A Facebook glitch on Thursday evening revealed that Greta Thunberg’s Facebook page is run by accounts belonging to her father and a climate activist in India.
Managers of Facebook pages are supposed to be able to post anonymously to them. But, according to Wired, “a bug that was live from Thursday evening until Friday morning allowed anyone to easily reveal the accounts running a Page, essentially doxing anyone who posted to one.” All a user had to do to see who was behind a post was check the edit history.
People on message boards like 4chan took advantage, sharing screenshots of posts on Greta Thunberg’s page by her dad, actor Svante Thunberg, and Adarsh Prathap, an Indian delegate at the U.N. climate change organization. None of the posts appeared to have been composed by the 17-year-old Swedish climate activist herself.
The revelation played into longstanding allegations that Greta Thunberg’s international celebrity has been stage-managed by her family and climate consultants. The Thunbergs have denied the claims.
— ExtinctionClock (@ExtinctionClock) January 11, 2020
On Saturday, a Facebook user purporting to be Thunberg sought to respond to critics in a post to her page, which has nearly 3 million followers. While public figures regularly employ social media managers to communicate in their voice, Thunberg claimed she really was behind all her posts. She said she just prefers to use her dad’s account.
“Some people have been asking who manages this page. First of all, since last spring I only use Facebook to repost what I write on my Twitter and Instagram accounts,” she said. “Since I have chosen not to be on Facebook personally (I tried early on but decided it wasn’t for me) I use my father Svantes account to repost content, because you need an account to moderate a Facebook page.”
Thunberg added that Prathap helps with the reposting.
“All texts posted on my Facebook page has of course been written by me, just like everything else,” she said.
Greta Thunberg before the Facebook glitch
Hailed as a planetary savior by many activists and journalists, Thunberg has recently been forced to issue a number of clarifications to her fans on social media.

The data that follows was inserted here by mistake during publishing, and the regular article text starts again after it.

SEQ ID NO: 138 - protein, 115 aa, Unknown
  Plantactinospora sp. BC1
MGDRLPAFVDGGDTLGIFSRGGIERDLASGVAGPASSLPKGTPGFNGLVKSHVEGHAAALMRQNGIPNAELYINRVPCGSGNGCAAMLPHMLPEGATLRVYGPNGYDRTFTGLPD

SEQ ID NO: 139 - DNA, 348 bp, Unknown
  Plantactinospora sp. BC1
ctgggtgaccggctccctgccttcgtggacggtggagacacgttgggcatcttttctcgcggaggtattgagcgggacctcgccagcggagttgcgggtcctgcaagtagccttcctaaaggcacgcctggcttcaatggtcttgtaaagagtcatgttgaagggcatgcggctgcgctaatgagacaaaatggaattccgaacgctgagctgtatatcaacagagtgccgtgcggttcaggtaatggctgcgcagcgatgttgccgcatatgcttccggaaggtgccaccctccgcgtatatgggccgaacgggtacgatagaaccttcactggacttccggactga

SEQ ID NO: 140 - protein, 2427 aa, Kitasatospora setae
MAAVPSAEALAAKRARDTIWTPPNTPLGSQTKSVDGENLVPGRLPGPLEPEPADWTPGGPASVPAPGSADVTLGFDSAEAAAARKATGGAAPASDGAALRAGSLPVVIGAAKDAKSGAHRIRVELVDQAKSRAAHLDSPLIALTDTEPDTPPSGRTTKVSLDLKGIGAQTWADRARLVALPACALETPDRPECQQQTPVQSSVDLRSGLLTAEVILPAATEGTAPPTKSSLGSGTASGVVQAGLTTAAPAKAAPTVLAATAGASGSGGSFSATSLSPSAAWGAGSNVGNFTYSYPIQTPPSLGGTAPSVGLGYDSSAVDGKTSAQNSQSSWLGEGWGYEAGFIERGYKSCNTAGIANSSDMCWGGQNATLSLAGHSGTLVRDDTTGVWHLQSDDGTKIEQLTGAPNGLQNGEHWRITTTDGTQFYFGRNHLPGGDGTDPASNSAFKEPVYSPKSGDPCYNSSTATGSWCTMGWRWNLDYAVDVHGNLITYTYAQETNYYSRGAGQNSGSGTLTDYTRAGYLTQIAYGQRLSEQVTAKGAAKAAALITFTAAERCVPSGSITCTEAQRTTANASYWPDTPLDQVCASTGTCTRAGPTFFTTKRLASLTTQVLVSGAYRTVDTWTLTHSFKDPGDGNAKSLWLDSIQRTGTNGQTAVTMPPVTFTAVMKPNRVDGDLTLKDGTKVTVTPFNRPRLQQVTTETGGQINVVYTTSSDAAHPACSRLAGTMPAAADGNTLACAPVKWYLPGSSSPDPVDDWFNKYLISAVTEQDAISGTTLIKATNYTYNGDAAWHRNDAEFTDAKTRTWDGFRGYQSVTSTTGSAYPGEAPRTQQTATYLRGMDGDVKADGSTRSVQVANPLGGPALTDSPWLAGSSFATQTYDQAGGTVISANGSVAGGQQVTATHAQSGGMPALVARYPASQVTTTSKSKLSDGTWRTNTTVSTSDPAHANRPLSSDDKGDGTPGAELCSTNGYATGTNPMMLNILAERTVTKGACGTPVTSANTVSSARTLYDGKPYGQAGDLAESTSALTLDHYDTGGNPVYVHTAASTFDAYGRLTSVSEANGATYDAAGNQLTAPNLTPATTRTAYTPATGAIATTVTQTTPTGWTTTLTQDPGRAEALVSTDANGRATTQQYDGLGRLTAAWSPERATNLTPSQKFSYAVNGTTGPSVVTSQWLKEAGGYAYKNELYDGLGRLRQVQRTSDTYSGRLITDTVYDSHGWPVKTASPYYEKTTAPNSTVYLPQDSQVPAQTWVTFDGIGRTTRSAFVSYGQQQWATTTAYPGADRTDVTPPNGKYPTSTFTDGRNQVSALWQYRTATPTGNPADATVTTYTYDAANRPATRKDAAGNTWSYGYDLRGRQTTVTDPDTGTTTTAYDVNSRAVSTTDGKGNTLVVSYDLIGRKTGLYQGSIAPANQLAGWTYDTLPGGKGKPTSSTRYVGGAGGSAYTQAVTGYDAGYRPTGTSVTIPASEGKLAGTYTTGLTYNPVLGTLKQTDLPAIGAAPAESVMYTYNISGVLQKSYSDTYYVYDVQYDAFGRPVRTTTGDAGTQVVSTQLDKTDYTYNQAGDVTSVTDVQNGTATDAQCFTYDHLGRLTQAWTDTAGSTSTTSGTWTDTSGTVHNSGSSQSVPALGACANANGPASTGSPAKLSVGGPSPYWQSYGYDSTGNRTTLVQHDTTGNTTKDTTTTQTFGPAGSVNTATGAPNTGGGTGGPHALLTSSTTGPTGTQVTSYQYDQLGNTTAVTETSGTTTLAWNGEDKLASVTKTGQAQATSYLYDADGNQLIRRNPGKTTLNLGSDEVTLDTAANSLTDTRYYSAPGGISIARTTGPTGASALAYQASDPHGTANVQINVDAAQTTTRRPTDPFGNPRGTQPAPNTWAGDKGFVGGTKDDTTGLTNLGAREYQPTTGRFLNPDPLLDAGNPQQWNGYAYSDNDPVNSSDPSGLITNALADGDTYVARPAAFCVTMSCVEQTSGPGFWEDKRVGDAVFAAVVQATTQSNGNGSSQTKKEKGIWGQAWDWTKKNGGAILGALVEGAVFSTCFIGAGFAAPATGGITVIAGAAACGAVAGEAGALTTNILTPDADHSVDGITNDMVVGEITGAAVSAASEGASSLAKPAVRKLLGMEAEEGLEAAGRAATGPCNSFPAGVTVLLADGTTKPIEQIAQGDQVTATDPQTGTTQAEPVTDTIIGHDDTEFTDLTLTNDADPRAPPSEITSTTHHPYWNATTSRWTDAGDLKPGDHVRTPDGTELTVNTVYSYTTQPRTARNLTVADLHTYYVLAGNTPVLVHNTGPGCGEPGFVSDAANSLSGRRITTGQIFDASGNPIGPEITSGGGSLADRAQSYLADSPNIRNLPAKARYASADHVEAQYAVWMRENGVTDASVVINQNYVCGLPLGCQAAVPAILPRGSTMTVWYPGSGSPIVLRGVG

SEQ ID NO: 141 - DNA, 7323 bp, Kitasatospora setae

Last month, she defended a photo she tweeted of herself posing on the floor of what she said was an “overcrowded” trained after the railway revealed that she had actually traveled first class. According to Thunberg, she had sat on the floor until a seat opened up.
Days earlier, Thunberg apologized for saying during a speech in Italy that world leaders should be “put against the wall.” In English the phrase is associated with execution by firing squad. But Thunberg said she only meant to say they must be held accountable.
Speaking with BBC Radio 4 last month, Svante Thunberg said that he initially thought it was a “bad idea” for his daughter to skip school to protest climate change. But he said that after watching her battle depression for several years, he sees her as happier as a result of her activism.
“She dances around, she laughs a lot, we have a lot of fun — and she’s in a very good place,” he said.
He added that Greta is planning on returning to school, and that by her 17th birthday, which was on Jan. 3, she won’t need to be chaperoned on her travels.
“If she needs me there, I’ll try to do it,” he said. “But I think she’ll be, more and more, going to do it by herself, which is great.”
- Greta Thunberg, left, and her father, Svante Thunberg.: Screen grab